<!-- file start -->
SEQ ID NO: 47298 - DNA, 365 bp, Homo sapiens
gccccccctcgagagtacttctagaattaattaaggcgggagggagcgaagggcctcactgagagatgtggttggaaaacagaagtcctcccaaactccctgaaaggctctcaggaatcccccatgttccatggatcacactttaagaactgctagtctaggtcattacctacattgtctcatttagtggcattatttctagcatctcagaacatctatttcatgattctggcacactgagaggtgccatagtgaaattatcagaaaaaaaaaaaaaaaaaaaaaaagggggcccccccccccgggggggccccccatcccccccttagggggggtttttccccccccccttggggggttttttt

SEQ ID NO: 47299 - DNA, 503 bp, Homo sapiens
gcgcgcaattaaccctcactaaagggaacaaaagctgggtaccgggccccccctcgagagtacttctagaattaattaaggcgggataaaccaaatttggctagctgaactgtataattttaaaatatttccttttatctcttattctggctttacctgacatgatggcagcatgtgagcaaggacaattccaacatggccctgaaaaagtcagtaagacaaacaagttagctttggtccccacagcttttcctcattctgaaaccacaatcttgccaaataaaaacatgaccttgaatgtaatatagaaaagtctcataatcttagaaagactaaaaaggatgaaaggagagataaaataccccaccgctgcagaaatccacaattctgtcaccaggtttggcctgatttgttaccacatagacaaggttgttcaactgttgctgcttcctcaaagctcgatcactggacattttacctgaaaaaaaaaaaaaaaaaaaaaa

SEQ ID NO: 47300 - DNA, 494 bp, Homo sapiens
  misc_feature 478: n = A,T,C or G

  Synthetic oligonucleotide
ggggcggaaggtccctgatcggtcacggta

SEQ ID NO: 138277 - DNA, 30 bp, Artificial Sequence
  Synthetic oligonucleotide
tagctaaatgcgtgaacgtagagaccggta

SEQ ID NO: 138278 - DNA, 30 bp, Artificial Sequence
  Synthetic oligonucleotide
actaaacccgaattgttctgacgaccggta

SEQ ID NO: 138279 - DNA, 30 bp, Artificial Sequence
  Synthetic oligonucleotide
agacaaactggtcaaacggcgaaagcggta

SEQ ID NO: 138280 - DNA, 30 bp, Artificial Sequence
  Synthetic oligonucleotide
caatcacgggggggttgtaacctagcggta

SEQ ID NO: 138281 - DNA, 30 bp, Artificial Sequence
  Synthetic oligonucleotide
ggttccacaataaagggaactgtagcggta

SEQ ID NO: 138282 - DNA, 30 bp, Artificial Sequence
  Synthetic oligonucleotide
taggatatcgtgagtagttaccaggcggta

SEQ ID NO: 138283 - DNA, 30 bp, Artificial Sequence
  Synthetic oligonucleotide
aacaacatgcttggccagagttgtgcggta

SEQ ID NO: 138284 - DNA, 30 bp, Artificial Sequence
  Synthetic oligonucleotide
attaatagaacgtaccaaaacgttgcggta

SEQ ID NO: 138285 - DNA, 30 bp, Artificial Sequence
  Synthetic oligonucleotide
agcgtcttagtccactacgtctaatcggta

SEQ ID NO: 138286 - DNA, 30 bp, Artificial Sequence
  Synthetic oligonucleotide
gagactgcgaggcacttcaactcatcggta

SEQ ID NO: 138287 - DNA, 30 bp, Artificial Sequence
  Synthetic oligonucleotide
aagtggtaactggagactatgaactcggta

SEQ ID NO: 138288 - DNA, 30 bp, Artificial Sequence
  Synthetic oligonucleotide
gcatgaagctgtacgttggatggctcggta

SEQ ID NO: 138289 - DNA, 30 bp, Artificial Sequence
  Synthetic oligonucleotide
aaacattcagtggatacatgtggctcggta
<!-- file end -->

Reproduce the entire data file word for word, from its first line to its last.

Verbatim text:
SEQ ID NO: 47298 - DNA, 365 bp, Homo sapiens
gccccccctcgagagtacttctagaattaattaaggcgggagggagcgaagggcctcactgagagatgtggttggaaaacagaagtcctcccaaactccctgaaaggctctcaggaatcccccatgttccatggatcacactttaagaactgctagtctaggtcattacctacattgtctcatttagtggcattatttctagcatctcagaacatctatttcatgattctggcacactgagaggtgccatagtgaaattatcagaaaaaaaaaaaaaaaaaaaaaaagggggcccccccccccgggggggccccccatcccccccttagggggggtttttccccccccccttggggggttttttt

SEQ ID NO: 47299 - DNA, 503 bp, Homo sapiens
gcgcgcaattaaccctcactaaagggaacaaaagctgggtaccgggccccccctcgagagtacttctagaattaattaaggcgggataaaccaaatttggctagctgaactgtataattttaaaatatttccttttatctcttattctggctttacctgacatgatggcagcatgtgagcaaggacaattccaacatggccctgaaaaagtcagtaagacaaacaagttagctttggtccccacagcttttcctcattctgaaaccacaatcttgccaaataaaaacatgaccttgaatgtaatatagaaaagtctcataatcttagaaagactaaaaaggatgaaaggagagataaaataccccaccgctgcagaaatccacaattctgtcaccaggtttggcctgatttgttaccacatagacaaggttgttcaactgttgctgcttcctcaaagctcgatcactggacattttacctgaaaaaaaaaaaaaaaaaaaaaa

SEQ ID NO: 47300 - DNA, 494 bp, Homo sapiens
  misc_feature 478: n = A,T,C or G

  Synthetic oligonucleotide
ggggcggaaggtccctgatcggtcacggta

SEQ ID NO: 138277 - DNA, 30 bp, Artificial Sequence
  Synthetic oligonucleotide
tagctaaatgcgtgaacgtagagaccggta

SEQ ID NO: 138278 - DNA, 30 bp, Artificial Sequence
  Synthetic oligonucleotide
actaaacccgaattgttctgacgaccggta

SEQ ID NO: 138279 - DNA, 30 bp, Artificial Sequence
  Synthetic oligonucleotide
agacaaactggtcaaacggcgaaagcggta

SEQ ID NO: 138280 - DNA, 30 bp, Artificial Sequence
  Synthetic oligonucleotide
caatcacgggggggttgtaacctagcggta

SEQ ID NO: 138281 - DNA, 30 bp, Artificial Sequence
  Synthetic oligonucleotide
ggttccacaataaagggaactgtagcggta

SEQ ID NO: 138282 - DNA, 30 bp, Artificial Sequence
  Synthetic oligonucleotide
taggatatcgtgagtagttaccaggcggta

SEQ ID NO: 138283 - DNA, 30 bp, Artificial Sequence
  Synthetic oligonucleotide
aacaacatgcttggccagagttgtgcggta

SEQ ID NO: 138284 - DNA, 30 bp, Artificial Sequence
  Synthetic oligonucleotide
attaatagaacgtaccaaaacgttgcggta

SEQ ID NO: 138285 - DNA, 30 bp, Artificial Sequence
  Synthetic oligonucleotide
agcgtcttagtccactacgtctaatcggta

SEQ ID NO: 138286 - DNA, 30 bp, Artificial Sequence
  Synthetic oligonucleotide
gagactgcgaggcacttcaactcatcggta

SEQ ID NO: 138287 - DNA, 30 bp, Artificial Sequence
  Synthetic oligonucleotide
aagtggtaactggagactatgaactcggta

SEQ ID NO: 138288 - DNA, 30 bp, Artificial Sequence
  Synthetic oligonucleotide
gcatgaagctgtacgttggatggctcggta

SEQ ID NO: 138289 - DNA, 30 bp, Artificial Sequence
  Synthetic oligonucleotide
aaacattcagtggatacatgtggctcggta